Lars Jørgen Østergaard

Effect of cotrimoxazole prophylaxis on the incidence of malaria in HIV-infected children in 2012, in Abidjan, Côte d'Ivoire: a prospective cohort study

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  • Aïda Mounkaila Harouna
  • ,
  • Madeleine Amorissani-Folquet
  • ,
  • François Tanoh Eboua
  • ,
  • Sophie Desmonde
  • ,
  • Sylvie N'Gbeche
  • ,
  • Edmond Addi Aka
  • ,
  • Kouakou Kouadio
  • ,
  • Brou Kouacou, Denmark
  • Karen Malateste
  • ,
  • Clarisse Bosse-Amani
  • ,
  • Patrick Ahuatchi Coffie
  • ,
  • Valeriane Leroy
  • ,
  • IeDEA paediatric West African Study Group (Lars Østergaard, Alex Lund Laursen, Christian Wejse, Christian Erikstrup; members)

BACKGROUND: Cotrimoxazole prophylaxis has an antimalarial effect which could have an additional protective effect against malaria in HIV-infected children on antiretroviral therapy (ART). We measured the incidence and associated factors of malaria in HIV-infected children on ART and/or cotrimoxazole in Abidjan, Côte d'Ivoire.

METHODS: All HIV-infected children <16 years, followed-up in the IeDEA West-African paediatric cohort (pWADA) in Abidjan, were prospectively included from May to August 2012, the rainy season. Children presenting signs suggesting malaria had a thick blood smear and were classified as confirmed or probable malaria. We calculated incidence density rates (IR) per 100 child-years (CY). Risk factors were assessed using a Poisson regression model.

RESULTS: Overall, 1117 children were included, of whom 89 % were ART-treated and 67 % received cotrimoxazole. Overall, there were 51 malaria events occurring in 48 children: 28 confirmed and 23 probable; 94 % were uncomplicated malaria. The overall IR of malaria (confirmed and probable) was 18.3/100 CY (95 % CI: 13.3-23.4), varying from 4.2/100 CY (95 % CI: 1.1-7.3) in children on ART and cotrimoxazole to 57.3/100 CY (95 % CI: 7.1-107.6) for those receiving no treatment at all. In univariate analysis, age < 5 years was significantly associated with a 2-fold IR of malaria compared to age >10 years (incidence rate ratio [IRR] = 2.18, 95 % CI: 1.04-4.58). Adjusted for severe immunodeficiency, cotrimoxazole reduced significantly the IR of first malarial episode (adjusted IRR [aIRR] = 0.13, 95 % CI: 0.02-0.69 and aIRR = 0.05, 95 % CI:0.02-0.18 in those off and on ART respectively). Severe immunodeficiency increased significantly the malaria IR (aIRR = 4.03, 95 % CI: 1.55-10.47). When considering the IR of confirmed malaria only, this varied from 2.4/100 CY (95 % CI: 0.0-4.8) in children on ART and cotrimoxazole to 34.4/100 CY (95 % CI: 0.0-73.3) for those receiving no treatment at all. In adjusted analyses, the IR of malaria in children on both cotrimoxazole and ART was significantly reduced (aIRR = 0.05, 95 % CI: 0.01-0.24) compared to those receiving no treatment at all.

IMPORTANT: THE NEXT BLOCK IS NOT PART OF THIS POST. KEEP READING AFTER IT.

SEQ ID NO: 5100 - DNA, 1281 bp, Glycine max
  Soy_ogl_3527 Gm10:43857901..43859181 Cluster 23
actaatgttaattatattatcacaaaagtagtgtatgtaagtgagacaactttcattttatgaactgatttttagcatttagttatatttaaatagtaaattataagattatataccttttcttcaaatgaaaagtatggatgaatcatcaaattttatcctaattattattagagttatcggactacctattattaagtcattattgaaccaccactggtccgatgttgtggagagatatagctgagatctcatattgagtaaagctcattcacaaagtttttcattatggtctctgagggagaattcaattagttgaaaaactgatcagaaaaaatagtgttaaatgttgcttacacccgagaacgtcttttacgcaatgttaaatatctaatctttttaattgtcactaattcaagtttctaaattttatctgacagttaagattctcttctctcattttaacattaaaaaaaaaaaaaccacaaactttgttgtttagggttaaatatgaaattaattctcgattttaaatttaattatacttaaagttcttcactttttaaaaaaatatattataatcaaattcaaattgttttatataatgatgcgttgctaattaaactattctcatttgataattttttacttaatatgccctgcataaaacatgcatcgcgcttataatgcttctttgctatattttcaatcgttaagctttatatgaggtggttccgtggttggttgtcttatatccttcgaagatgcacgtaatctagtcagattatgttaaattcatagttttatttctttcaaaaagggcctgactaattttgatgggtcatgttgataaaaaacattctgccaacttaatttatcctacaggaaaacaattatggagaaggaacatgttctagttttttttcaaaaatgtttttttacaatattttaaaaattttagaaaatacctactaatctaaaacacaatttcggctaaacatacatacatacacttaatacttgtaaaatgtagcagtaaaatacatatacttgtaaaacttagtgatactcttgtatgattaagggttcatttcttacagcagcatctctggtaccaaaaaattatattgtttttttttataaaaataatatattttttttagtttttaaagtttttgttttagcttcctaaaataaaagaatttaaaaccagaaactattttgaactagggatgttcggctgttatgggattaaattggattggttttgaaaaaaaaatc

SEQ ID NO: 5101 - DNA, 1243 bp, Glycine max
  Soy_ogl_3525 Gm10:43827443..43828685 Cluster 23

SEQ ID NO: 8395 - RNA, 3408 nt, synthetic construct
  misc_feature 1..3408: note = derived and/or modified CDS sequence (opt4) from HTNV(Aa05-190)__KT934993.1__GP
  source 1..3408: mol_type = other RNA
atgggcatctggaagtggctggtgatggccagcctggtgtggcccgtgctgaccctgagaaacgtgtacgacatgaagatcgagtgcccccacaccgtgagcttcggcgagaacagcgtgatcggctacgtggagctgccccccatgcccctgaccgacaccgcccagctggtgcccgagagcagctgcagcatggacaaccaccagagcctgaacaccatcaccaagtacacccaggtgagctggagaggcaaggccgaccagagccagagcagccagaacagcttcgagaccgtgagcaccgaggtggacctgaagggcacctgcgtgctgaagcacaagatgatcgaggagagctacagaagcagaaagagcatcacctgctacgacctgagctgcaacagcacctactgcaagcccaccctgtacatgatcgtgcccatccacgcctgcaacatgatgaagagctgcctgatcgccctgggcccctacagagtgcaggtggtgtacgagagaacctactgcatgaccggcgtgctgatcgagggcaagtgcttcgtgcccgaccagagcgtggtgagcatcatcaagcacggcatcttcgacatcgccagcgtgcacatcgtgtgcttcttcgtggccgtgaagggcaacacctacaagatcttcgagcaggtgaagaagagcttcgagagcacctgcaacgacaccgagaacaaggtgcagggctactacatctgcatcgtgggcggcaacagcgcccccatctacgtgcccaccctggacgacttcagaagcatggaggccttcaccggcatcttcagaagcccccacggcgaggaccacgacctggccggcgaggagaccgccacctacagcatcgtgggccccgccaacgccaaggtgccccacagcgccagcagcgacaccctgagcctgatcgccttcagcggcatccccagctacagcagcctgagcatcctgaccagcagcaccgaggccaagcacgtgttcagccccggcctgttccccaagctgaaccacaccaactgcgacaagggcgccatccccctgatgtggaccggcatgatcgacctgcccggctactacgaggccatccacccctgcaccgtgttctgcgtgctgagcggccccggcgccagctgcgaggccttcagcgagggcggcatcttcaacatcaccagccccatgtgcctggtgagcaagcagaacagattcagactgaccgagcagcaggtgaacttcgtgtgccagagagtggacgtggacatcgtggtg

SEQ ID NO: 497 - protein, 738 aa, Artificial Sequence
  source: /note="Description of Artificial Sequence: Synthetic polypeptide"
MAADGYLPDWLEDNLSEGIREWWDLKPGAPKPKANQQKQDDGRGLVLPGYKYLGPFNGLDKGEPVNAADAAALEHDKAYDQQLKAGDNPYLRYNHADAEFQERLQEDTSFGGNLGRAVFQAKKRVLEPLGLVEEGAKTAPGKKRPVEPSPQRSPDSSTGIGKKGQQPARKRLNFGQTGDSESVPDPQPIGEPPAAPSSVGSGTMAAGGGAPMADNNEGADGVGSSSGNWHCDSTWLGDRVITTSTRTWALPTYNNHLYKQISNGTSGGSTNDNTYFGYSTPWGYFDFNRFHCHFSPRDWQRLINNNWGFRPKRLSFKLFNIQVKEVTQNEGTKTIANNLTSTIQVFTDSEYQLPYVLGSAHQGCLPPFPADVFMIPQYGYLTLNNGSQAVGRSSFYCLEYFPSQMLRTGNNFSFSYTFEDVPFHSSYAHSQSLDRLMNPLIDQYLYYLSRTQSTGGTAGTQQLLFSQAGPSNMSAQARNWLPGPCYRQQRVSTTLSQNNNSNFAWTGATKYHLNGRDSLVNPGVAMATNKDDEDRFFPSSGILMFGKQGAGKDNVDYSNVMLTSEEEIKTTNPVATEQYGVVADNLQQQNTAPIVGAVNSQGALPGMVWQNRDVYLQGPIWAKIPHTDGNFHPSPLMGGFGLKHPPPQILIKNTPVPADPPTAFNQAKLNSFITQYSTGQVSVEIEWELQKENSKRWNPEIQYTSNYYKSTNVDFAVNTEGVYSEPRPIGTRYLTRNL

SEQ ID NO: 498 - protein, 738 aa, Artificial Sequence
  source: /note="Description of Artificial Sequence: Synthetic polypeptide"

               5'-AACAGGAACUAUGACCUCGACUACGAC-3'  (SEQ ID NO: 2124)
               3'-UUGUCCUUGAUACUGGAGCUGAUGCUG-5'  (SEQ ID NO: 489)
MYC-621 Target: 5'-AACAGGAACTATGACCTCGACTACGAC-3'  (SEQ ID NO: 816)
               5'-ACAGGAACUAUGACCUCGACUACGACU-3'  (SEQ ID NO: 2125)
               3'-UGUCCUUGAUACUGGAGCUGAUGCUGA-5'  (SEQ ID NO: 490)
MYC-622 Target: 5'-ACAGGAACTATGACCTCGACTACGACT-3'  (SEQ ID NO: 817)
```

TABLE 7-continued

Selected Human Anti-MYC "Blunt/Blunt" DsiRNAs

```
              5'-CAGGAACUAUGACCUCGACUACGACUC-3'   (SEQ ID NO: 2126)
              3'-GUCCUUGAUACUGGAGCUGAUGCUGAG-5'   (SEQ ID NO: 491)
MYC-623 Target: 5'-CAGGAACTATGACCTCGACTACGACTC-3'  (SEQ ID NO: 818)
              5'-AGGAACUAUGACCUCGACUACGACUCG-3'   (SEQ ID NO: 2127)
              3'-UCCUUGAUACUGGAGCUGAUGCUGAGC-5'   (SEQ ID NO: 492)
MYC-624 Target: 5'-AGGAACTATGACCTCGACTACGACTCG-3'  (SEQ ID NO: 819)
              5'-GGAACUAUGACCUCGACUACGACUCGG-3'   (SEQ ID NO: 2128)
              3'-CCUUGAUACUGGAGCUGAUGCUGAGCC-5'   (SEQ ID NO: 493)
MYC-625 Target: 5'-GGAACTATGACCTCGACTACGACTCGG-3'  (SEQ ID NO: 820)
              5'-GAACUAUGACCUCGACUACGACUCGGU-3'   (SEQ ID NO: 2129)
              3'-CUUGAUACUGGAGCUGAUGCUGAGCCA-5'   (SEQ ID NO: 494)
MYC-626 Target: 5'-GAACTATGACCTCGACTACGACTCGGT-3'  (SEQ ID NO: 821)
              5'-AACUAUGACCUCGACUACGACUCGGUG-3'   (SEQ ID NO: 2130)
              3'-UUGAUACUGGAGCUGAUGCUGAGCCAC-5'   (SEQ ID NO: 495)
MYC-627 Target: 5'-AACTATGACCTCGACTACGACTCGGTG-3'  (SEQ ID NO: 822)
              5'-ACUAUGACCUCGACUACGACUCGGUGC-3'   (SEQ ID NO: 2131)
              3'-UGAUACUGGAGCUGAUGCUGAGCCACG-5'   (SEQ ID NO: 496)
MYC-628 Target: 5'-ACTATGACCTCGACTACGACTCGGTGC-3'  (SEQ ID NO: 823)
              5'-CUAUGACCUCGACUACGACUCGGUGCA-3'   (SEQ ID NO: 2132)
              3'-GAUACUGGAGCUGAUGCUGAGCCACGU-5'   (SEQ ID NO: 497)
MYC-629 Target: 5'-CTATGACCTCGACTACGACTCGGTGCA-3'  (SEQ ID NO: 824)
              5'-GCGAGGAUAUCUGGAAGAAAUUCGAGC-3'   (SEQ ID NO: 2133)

CONCLUSIONS: Cotrimoxazole prophylaxis was strongly protective against the incidence of malaria when associated with ART in HIV-infected children. Thus, these drugs should be provided as widely and durably as possible in all HIV-infected children <5 years of age.

Original languageEnglish
JournalB M C Infectious Diseases
Volume15
Pages (from-to)317
ISSN1471-2334
DOIs
Publication statusPublished - 2015

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